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Education In 1930s
1) When and where were you born? I was born the 12th of October, 1919 in
Lincoln, VT. Five generations of Purintons have been born and raised in Lincoln.
2) Do/did you have any siblings? I had two brothers, John and George. John was
five years older than me and George was three years older. John died a couple
years ago, but George is still alive and well and living up in West Lincoln
making maple syrup. 3) What did your parents do? My father worked up in the
woods clearing land and he also helped out on a farm. My mother mostly stayed at
home and cooked and cleaned, like most women did in those days. She would often
get together with the ladies from town to bake and sew while sharing the latest
gossip. 4) What were your daily chores? I remember getting up around 5:00 every
morning to go outside and get wood for the fire. There was always plenty of work
for us kids to do. The boys always did the hard labor, for example, the wood.
The girls mostly stayed inside, helping their mother with whatever chores she
needed to have done. We only had three boys in our family, so what I remember
about what girls did is based on what our friend Carol Ann Rose told us. Carol
was two years older than me but she was really good friends with all three of
us. 5) What was a typical day like? Well, like I said, every morning we would
get up at 5:00, especially when it wasnít a school day. No school meant that
there was more work that needed to be done and we needed to get an early start
on it. One thing that our parents taught us was to spend time with God every
morning and that was the most important thing. After our morning quiet time we
would have a warm breakfast, although some were much bigger than others. We
didnít have a lot of money growing up. I remember spending a large amount of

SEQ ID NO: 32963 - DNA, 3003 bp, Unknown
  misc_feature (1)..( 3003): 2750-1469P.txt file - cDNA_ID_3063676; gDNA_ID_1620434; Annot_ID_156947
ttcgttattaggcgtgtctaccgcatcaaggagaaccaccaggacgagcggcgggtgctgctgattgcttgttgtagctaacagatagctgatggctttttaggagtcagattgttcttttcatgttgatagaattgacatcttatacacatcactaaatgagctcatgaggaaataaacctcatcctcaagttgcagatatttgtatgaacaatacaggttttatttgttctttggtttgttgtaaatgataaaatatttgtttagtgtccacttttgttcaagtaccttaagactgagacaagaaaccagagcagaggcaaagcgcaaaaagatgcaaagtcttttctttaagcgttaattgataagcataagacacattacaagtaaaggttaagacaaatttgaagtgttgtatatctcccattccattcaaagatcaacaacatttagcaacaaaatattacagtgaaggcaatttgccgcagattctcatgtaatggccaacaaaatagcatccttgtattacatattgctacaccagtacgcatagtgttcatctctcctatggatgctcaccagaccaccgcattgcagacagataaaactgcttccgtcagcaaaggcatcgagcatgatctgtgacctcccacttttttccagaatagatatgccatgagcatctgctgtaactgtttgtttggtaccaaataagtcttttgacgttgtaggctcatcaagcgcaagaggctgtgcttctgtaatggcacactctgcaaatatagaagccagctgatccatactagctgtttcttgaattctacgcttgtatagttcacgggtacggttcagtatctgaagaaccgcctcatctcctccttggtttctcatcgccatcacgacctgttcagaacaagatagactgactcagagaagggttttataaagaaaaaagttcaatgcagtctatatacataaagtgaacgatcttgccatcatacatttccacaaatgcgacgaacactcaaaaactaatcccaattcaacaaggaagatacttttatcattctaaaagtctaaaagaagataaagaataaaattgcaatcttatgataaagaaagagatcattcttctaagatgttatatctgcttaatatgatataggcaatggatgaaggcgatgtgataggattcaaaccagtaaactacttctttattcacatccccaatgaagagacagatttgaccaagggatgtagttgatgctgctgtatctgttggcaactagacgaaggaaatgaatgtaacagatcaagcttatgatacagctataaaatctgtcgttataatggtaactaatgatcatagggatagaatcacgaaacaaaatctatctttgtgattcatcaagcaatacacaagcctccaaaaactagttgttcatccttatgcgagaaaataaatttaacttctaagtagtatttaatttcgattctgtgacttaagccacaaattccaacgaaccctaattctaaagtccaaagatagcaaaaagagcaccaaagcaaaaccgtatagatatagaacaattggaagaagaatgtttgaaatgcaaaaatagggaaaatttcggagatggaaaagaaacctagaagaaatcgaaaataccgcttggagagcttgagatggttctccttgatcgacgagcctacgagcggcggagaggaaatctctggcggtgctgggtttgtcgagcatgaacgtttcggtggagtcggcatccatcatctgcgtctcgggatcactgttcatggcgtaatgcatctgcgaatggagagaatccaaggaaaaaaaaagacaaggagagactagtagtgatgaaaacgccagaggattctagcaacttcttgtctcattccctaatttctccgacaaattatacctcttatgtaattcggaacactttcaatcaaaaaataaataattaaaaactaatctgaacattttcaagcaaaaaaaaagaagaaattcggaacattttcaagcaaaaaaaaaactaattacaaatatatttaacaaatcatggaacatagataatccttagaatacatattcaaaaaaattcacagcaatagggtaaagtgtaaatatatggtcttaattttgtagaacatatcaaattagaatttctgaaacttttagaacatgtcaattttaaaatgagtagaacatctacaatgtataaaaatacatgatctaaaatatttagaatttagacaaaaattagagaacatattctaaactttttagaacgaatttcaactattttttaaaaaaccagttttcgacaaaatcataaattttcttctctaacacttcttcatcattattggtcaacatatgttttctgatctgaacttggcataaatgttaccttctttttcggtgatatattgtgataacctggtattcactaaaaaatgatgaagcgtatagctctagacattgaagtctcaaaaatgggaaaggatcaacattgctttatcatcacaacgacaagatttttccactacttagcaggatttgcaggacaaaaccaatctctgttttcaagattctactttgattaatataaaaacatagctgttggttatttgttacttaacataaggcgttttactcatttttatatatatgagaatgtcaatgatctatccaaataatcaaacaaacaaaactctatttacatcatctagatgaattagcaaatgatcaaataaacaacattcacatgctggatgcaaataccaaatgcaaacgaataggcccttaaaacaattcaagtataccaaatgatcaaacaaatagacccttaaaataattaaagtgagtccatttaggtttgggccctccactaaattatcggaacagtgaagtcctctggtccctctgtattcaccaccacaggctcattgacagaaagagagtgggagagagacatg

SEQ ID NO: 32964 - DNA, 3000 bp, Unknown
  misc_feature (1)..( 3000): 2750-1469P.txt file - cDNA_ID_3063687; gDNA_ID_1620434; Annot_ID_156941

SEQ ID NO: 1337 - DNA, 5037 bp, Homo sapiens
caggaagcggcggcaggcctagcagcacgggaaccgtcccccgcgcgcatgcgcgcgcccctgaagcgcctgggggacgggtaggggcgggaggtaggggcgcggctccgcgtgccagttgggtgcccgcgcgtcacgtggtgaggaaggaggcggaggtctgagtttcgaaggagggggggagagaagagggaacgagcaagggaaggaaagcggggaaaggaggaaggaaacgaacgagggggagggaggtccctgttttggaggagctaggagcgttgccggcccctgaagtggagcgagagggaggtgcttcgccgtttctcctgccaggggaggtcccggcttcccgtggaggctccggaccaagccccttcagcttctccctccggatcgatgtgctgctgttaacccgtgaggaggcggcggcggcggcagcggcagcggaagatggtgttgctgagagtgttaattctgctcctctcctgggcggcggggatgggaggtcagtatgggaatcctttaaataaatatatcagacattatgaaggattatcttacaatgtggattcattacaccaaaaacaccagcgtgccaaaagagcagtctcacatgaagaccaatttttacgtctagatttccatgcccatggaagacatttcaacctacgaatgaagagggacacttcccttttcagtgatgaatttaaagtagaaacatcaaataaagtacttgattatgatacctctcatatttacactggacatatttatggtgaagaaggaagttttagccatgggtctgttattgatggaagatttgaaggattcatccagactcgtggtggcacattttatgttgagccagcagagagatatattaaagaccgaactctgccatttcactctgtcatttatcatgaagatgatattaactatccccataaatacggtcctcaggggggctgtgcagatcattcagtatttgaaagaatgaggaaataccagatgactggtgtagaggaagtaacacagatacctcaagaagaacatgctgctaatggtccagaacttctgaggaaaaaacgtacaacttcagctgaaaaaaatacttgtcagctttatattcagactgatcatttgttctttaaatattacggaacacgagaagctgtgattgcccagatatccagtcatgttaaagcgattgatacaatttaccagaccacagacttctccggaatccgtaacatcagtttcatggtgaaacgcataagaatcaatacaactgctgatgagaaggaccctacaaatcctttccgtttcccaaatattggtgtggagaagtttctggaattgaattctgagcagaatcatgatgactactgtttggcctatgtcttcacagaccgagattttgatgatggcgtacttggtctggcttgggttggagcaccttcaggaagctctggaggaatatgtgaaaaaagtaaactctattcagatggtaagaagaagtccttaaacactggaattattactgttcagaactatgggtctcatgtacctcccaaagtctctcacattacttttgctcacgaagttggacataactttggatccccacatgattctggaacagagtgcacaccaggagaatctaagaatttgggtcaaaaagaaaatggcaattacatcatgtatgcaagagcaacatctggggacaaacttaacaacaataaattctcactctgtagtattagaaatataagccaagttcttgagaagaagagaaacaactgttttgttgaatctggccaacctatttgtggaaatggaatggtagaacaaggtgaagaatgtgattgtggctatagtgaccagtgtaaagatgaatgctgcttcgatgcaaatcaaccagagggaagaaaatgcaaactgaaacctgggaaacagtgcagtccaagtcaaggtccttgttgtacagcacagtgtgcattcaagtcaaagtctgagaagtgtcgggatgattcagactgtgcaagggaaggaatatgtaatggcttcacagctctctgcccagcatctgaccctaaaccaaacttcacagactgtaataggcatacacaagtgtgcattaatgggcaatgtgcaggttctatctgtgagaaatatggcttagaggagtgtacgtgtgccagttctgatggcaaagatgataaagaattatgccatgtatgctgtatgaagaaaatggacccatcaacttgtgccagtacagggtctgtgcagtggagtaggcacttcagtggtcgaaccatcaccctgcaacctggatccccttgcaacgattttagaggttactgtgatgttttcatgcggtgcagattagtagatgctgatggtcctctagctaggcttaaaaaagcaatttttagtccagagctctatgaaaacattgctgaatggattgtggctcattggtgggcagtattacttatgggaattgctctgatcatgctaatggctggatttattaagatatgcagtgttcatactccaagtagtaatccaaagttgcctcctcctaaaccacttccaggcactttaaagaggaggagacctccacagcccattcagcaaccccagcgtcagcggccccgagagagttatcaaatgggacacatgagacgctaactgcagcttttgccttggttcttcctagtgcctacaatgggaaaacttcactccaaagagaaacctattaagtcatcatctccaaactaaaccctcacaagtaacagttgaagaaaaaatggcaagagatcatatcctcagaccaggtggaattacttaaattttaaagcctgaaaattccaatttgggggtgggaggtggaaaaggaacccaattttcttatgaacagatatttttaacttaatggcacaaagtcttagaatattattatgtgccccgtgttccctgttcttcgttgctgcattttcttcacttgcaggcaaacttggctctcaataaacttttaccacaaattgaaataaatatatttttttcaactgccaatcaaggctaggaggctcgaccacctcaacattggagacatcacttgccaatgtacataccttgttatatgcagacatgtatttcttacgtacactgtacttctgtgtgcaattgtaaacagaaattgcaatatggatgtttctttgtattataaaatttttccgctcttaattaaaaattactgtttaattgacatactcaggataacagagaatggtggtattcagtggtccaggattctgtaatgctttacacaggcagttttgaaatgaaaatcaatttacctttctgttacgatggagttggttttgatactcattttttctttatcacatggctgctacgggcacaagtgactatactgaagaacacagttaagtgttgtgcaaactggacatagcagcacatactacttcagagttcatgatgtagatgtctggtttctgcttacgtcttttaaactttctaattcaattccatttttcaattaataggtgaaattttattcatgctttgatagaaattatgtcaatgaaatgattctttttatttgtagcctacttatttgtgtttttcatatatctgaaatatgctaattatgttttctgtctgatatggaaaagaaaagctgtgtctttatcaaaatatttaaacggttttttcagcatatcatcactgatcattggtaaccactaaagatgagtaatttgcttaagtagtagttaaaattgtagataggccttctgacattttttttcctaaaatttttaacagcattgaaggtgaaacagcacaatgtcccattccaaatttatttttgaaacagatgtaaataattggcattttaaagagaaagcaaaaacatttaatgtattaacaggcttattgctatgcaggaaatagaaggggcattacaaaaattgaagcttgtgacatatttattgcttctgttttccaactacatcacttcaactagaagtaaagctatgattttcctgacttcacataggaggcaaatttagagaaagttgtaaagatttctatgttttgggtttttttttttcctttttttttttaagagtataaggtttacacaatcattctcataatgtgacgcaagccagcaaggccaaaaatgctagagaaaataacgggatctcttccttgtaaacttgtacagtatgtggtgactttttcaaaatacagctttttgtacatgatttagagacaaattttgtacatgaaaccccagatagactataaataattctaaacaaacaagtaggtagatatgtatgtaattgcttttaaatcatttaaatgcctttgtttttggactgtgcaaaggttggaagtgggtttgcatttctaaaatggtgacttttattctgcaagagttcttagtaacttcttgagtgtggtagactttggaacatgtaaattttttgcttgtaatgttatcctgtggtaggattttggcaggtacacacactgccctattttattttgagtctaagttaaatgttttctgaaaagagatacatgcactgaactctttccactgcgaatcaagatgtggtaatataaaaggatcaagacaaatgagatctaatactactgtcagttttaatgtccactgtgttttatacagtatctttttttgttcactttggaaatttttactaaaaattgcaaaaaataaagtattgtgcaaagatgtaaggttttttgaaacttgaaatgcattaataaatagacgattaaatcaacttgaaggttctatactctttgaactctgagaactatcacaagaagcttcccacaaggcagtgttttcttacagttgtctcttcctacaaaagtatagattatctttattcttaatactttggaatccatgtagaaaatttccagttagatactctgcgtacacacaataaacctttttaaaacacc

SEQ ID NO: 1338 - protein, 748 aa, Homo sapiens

the day in school, then coming home and doing chores until dinnertime.
Dinnertime was followed by time we spend reading or listening to the radio
together, most of the reading was from the Good Book (the Bible). The latest I
ever remember staying up during my childhood was 9:00 because we always knew how
early we had to get up the next day. 6) What was the most exciting childhood
event? Most boring? I think that the most exciting event in my childhood was in
1932 when our parents brought us to the Worldís Fair in Tunbridge. I remember
having a terrible a terrible stomachache from eating so much of that delicious
food. As far as boredom goes, there was absolutely no time for it. We spent
every moment not in school working. Boredom was not tolerated by our parents. 7)
What did you do with your leisure time? There was very little leisure time, but
what leisure time we did have was spent with the neighbor kids, playing
baseball, going swimming, stuff like that. 8) How did your family celebrate
holidays? Easter and Christmas were the most important holidays in our family.
The mornings of those days were spent in church and reading the Bible. Family
would often come to visit for Christmas. I remember many a white Christmas spent
outside with our cousins from New York throwing snowballs at each other. 9) Did
you have any childhood diseases? I was very fortunate, I was very healthy when I
was young. I had a small case of the measles when I was 10 and had chicken pox
when I was six. Other than that I had a very healthy childhood. 10) Did your
parents keep in touch with their home country? My parents were born and raised
here. A Purinton hasnít been born outside of Vermont in five generations. 11)
Do you remember anything else about growing up? Only school-related stuff, but I
understand thatís the reason youíre here anyway. 12) What about dating
practices? Our parents were very strict when it came to dating. There was also
very little time for it. PUBLIC SCHOOL EXPERIENCE 1) What elementary schools did
you attend? I went to grammar school in a one-room schoolhouse in Lincoln.
Itís the one right next to where your Aunt Patty lives, I think someone turned
it into a house recently, though. 2) What were the economic conditions at the
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